Also used for treatment are acetaminophen, dihydroergotamine, ergotamine tartrate and over-the-counter medications such as ibuprofen, aspirin, acetaminophen and caffeine.
Some drugs are mainly used for nausea related to migraine headaches in addition to pain treatment such as metoclopramide and prochlorperazine.
Ayurvedic wisdom says that migraine headaches are usually caused by an abundance of pitta, or heat / fire. That being the case, you are more likely to have migraines when pitta is aggrevated. Pitta is aggrevated by fatigue, spicy foods, cheese, caffeine, tomato (especially sauce), onion and garlic. Pitta is greatest in the middle of the day and during hot summer months. Pitta is aggrevated by the glare of the sun. The approaches above in the sidebar all will pacify pitta - stay rested, don't spend long hours in front of the computer, eat simple healthy foods, stay cool and refreshed, wear sunglasses and avoid pitta aggrevating foods.
A combination of ginger and the feverfew flower can reduce or even eliminate migraine pain - twice as effectively as ibuprofen, according to a 2011 study. Ginger reduces inflammation whch contributes to migraine pain, and feverfew apparently has the effect of blocking responses in the brain that trigger migraines. The combination can be found as an elixir (which may be more effective) or tea. In the 2011 study, 60 patients treated 208 migraine episodes using either ginger/feverfew under the tongue or placebo. These were patients who had a history of migraine with more than 15 headaches per month and were capable of distinguishing a migraine headache from a normal headache. On average 32% of the patients were pain free after 2 hours with prescription medications, and 16% were pain free after 2 hours with placebo while 63% of the patients taking feverfew/ginger were pain free after two hours.1 The only adverse side effect of feverfew/ginger were numbness in the mouth or nausea.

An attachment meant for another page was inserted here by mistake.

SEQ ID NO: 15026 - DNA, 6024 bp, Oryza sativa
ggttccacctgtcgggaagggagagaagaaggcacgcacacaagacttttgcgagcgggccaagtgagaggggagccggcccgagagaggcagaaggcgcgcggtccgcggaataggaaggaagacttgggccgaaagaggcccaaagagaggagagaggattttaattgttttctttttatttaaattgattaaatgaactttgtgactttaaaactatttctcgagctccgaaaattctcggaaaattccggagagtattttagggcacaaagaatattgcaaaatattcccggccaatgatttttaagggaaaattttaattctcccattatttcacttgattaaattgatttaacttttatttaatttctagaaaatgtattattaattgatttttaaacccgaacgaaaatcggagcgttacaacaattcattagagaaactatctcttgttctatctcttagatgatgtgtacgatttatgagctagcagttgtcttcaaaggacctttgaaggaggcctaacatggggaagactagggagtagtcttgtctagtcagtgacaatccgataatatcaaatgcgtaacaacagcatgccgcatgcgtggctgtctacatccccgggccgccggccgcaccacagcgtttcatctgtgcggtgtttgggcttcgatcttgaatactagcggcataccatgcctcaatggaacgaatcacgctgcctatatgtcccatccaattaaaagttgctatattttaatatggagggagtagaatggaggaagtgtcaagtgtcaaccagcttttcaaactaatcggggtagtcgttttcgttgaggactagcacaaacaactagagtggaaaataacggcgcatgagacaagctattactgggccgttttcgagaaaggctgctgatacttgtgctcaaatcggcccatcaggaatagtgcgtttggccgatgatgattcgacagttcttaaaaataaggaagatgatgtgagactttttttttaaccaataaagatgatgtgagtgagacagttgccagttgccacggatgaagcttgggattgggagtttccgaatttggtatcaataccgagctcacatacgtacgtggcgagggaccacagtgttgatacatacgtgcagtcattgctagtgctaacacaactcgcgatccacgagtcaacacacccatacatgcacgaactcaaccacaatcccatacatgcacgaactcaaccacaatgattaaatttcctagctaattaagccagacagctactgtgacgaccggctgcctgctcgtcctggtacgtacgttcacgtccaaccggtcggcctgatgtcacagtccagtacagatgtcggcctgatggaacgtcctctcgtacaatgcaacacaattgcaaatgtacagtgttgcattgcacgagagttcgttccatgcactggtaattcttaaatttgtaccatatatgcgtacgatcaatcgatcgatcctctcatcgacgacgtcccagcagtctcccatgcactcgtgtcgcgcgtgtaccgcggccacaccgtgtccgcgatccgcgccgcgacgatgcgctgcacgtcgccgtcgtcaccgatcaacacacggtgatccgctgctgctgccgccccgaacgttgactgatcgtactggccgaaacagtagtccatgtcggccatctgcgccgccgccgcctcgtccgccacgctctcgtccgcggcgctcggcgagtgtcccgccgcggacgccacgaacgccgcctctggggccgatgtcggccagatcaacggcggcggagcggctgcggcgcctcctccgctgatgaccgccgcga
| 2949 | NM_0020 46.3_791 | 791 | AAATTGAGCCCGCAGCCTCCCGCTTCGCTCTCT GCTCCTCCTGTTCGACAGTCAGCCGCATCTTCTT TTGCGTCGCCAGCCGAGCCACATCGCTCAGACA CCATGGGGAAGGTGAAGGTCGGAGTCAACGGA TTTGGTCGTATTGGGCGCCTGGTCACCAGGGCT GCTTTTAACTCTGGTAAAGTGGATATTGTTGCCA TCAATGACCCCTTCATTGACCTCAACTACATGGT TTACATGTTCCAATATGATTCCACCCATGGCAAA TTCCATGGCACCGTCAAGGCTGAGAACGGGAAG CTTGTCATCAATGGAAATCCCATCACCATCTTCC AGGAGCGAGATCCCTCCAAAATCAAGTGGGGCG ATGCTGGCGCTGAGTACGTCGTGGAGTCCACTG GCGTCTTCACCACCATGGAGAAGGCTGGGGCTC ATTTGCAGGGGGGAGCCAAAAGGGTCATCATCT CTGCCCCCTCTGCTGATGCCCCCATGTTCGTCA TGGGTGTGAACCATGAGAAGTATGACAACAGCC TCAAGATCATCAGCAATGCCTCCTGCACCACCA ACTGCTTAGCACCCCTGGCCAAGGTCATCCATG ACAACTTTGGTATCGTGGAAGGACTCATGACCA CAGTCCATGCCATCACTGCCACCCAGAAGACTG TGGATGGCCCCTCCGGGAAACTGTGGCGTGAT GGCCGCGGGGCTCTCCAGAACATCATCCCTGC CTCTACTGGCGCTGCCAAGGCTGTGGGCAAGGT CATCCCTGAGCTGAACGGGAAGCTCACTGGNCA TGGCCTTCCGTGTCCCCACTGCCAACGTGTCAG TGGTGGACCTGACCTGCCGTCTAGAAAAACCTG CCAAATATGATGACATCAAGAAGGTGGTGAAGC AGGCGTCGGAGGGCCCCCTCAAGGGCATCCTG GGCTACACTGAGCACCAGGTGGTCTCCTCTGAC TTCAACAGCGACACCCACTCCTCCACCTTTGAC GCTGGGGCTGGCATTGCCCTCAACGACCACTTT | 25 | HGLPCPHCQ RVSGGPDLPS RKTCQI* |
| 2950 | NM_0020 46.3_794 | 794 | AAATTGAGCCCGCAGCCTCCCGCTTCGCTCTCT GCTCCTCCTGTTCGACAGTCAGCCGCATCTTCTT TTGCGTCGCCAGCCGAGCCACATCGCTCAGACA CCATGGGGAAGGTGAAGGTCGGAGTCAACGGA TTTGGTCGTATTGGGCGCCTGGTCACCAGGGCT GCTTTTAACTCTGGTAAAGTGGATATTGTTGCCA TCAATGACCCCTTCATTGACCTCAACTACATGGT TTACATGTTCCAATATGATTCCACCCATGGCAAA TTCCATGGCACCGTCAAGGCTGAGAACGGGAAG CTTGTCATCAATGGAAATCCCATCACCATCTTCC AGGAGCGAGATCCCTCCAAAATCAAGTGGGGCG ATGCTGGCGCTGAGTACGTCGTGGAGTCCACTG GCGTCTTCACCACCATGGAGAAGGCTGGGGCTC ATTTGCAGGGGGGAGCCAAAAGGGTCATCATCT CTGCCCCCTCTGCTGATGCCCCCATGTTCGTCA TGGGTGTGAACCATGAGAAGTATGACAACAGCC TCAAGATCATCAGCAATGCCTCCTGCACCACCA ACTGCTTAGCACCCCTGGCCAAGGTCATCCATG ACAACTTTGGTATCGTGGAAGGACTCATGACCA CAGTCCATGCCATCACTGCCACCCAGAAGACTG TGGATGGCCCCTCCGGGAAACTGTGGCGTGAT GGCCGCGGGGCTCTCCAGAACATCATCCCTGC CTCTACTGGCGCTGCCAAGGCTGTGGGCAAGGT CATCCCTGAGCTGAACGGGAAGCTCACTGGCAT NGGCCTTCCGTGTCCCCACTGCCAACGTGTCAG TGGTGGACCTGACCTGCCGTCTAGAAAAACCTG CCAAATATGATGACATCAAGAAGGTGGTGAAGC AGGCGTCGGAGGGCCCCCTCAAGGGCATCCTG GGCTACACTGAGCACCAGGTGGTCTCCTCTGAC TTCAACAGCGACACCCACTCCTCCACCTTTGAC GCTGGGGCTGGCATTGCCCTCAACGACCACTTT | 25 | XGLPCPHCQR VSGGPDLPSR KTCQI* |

1. Cady, RK, et al, A double-blind placebo-controlled pilot study of sublingual feverfew and ginger (LipiGesic™ M) in the treatment of migraine, Headache, July-Aug 51(7), 1078-86, 2011.